Courtesy Blake Snow
I didn’t realize until recently, but I had forgotten who I was. I had forgotten where I was from.
More than 15 years ago, I left Carrollton, Georgia for the great American west. Like many others from the former, I graduated from Central High (class of ‘98—go, Lions!) and began my collegiate studies at the University of West Georgia. Halfway through my bachelor’s degree, however, I had a change of heart and transferred to a prominent university in the mountains of Utah.
To be clear, I wasn’t running away from the admittedly rural town, county, or “Peach State.” I relished my upbringing there. But sometimes the soul asks to see someplace new. In that sense, I was running towards something new, fully expecting to return someday.
But then I met a girl from the Pacific Northwest. Continue reading…
When it comes to increasing both your output and your impact, here’s how to work smarter instead of harder.
For Entrepreneur—If there’s one thing I learned while researching and writing my first book, Log Off: How to Stay Connected after Disconnecting, it’s how to get more done in less time.
For the first five years as a self-employed writer, I passionately and excitedly burned the midnight oil, thinking the act would get me ahead. While it certainly helped to cut my teeth and quicken my understanding of the craft, in hindsight I spent much of that time with my head down, spinning my wheels in the mud, and failing to see bigger ideas and opportunities.
That is until my “Montana Moment,” a life-changing and completely off-the-grid vacation in Big Sky Country that upended and improved my relationship to work in more ways than one. Since that fateful week, I’ve enjoyed record personal, professional, and social growth. But only because I radically changed my underlying approach and motivations for work.
There are as follows: Continue reading…
Editor’s note: The Anti-Technologist is a new column by Blake Snow. It advocates late adoption of consumer technology (if at all) and expels the wonders of finding offline balance in an online world.
When I said last month to ditch your smartphone, I did so with tongue firmly in cheek. I was being provocative.
After all, I own a smartphone. (It’s the kind that half of you love and the other half hate.) But I dumb it down by keeping it on a tight work leash, leaving my text messages on silent, and not subscribing to a data plan.
I also hold most the apps for my phone in contempt. Why? Because the words, “This app has made me a happier person,” has never been uttered. By anyone.
No, no. I can’t stand (most) apps. They’re distracting, fleeting, gimmicky, and largely first world junk. Digital versions of something you’d find at the dollar store. Continue reading…
Editor’s note: The Anti-Technologist is a new column by Blake Snow. It advocates late adoption of consumer technology until proven useful, and dishes advice from Snow’s forthcoming book, Finding Offline Balance in an Online World.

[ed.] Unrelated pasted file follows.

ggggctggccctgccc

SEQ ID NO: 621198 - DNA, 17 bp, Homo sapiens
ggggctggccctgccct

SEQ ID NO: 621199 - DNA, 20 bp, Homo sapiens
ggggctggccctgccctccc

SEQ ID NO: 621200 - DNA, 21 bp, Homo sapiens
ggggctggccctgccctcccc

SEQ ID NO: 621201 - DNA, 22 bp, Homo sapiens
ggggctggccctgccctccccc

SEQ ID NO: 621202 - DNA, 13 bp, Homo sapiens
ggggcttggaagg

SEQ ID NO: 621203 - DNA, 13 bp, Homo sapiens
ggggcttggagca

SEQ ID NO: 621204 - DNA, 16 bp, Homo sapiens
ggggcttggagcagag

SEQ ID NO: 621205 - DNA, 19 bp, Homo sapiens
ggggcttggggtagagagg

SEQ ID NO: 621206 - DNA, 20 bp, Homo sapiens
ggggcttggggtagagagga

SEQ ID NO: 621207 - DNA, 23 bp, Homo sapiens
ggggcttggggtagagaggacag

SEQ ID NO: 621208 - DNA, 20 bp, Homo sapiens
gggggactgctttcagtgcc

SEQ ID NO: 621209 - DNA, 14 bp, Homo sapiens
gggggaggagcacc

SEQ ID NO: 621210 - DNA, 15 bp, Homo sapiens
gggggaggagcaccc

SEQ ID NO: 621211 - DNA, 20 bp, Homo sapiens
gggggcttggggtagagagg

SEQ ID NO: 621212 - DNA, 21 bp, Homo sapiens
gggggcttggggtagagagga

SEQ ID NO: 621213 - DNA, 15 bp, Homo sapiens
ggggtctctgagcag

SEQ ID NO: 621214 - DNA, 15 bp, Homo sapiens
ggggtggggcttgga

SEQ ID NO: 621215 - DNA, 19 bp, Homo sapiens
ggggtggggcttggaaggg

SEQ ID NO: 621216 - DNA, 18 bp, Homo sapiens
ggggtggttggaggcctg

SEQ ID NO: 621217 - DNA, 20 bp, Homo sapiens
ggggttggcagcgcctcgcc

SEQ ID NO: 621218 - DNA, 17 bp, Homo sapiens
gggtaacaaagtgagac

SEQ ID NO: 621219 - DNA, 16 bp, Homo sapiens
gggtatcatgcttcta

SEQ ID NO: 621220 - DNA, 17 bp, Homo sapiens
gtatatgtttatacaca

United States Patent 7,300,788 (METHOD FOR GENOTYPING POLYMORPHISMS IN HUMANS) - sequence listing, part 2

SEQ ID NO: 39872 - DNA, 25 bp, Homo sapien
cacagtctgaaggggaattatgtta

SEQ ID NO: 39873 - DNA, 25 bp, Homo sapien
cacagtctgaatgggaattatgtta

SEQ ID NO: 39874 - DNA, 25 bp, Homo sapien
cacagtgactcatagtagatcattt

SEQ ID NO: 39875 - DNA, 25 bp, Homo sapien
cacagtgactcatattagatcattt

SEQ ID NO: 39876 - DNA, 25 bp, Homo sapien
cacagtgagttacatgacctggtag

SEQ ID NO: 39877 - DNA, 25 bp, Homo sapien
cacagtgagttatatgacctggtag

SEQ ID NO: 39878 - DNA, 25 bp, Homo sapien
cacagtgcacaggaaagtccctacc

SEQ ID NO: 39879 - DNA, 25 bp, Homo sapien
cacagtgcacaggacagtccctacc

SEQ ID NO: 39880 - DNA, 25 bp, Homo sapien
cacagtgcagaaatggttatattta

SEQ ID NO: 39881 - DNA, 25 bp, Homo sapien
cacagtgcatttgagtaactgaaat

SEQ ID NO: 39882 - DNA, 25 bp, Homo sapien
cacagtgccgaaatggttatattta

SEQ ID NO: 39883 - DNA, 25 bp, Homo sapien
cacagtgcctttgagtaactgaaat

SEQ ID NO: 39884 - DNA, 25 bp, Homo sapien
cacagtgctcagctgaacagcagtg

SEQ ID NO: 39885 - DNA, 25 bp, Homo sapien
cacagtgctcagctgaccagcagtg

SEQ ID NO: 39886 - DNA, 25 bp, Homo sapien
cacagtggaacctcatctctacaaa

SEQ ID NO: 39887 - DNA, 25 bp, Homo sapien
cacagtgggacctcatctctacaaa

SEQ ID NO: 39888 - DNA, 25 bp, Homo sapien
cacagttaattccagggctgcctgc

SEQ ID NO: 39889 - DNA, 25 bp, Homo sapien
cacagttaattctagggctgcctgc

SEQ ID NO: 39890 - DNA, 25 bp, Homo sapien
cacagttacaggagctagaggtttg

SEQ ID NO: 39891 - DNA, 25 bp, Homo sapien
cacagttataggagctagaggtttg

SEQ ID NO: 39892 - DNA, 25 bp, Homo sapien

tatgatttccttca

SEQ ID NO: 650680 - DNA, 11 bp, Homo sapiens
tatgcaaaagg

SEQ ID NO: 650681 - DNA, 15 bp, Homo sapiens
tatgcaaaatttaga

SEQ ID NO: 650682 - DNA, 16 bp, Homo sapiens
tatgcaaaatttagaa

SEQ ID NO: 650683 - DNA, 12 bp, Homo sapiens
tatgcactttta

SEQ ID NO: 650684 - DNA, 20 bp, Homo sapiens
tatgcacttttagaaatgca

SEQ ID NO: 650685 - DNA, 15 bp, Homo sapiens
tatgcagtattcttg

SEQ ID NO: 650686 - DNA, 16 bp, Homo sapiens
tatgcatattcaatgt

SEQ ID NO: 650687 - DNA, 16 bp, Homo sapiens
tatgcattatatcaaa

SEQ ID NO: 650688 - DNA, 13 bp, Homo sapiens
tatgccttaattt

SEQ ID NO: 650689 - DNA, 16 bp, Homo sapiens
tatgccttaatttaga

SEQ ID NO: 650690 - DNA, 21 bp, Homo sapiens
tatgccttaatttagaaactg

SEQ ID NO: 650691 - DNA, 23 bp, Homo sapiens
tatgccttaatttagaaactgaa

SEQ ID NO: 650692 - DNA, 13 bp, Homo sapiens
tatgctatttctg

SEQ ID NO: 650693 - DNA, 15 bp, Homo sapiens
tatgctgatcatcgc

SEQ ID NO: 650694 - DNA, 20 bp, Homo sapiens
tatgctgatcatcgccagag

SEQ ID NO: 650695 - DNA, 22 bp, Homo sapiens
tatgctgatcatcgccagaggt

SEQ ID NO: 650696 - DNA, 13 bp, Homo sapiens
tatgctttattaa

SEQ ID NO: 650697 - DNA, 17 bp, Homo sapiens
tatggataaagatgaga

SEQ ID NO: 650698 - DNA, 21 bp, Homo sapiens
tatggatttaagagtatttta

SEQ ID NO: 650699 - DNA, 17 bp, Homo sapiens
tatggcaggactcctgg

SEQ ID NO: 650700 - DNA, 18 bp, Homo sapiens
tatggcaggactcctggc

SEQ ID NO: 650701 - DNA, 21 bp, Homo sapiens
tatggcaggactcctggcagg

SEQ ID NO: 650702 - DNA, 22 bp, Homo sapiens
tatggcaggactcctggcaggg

In 2009, I had a radical idea. “What if I canceled my phone’s data plan?” This was undoubtedly a first-world problem—I get it. But for someone who had previously spent 1,300 consecutive days attached to a Blackberry or iPhone from wake until sleep, it mattered.
The catalyst behind the idea: A weeklong trip in a remote Montana cabin with family and friends. No cellphone coverage. No internet. Just a landline, a moose lick, a horseshoe pit, and a river running through it.
Although initially apprehensive about the trip—”How am I suppose to continue my affair with work while on vacation now!?”— I was molded by it within a matter of days. As my wife said at the time, “With no online distractions, the social aspect had dramatically improved.” Continue reading…
Editor’s note: The Anti-Technologist is a new column by Blake Snow. It advocates late adoption of consumer technology and expels the wonders of finding offline balance in an online world.
I’m convinced that cellular data plans will someday replace the broadband cable lines most of us still use to access the internet. I also think data plans are great for mobile workers, extended-stay vacationers, or anyone else who doesn’t have access to the internet for the entirety of the work day.
I also know, however, that the last four years of my life after quitting my data plan have been irreversibly better than the four previous years in which I subscribed to a plan. The reason I abandoned the portable internet? In short, I did it because I was tired of being on a self-imposed work leash. That and the “always there” internet didn’t mesh well with my indulgent lust for information. So I cut it.
A lot of people I encounter are surprised by this, mostly because the mainstream view incorrectly assumes that staying on an internet-connected smartphone for extended periods lets you get ahead in life (i.e. make more money). It doesn’t. It’s just an illusion. In fact, all-day internetting actually leads to less inspired work, since obsessive users are never able to truly break away, recharge their batteries, and return to work with a hungry mind.
Nevertheless, smartphones are still great, even on dumb plans like mine. Here’s why: Continue reading…
As adherents of the Word of Wisdom, my family tries to avoid drinking tea — more specifically, anything derived from the Camellia sinensis plant (which results in black, green, white, yellow and oolong tea).
I say try because we used to suck down Chai like it was nobody’s business. That is, until we discovered that it contains black tea, in addition to delicious Indian spices. (Ignorance is bliss, people. Should have never read the label.)
But fear-not, non-tea drinkers. There are still a lot of tasty herbal alternatives, some of which are even better than the real thing. Continue reading…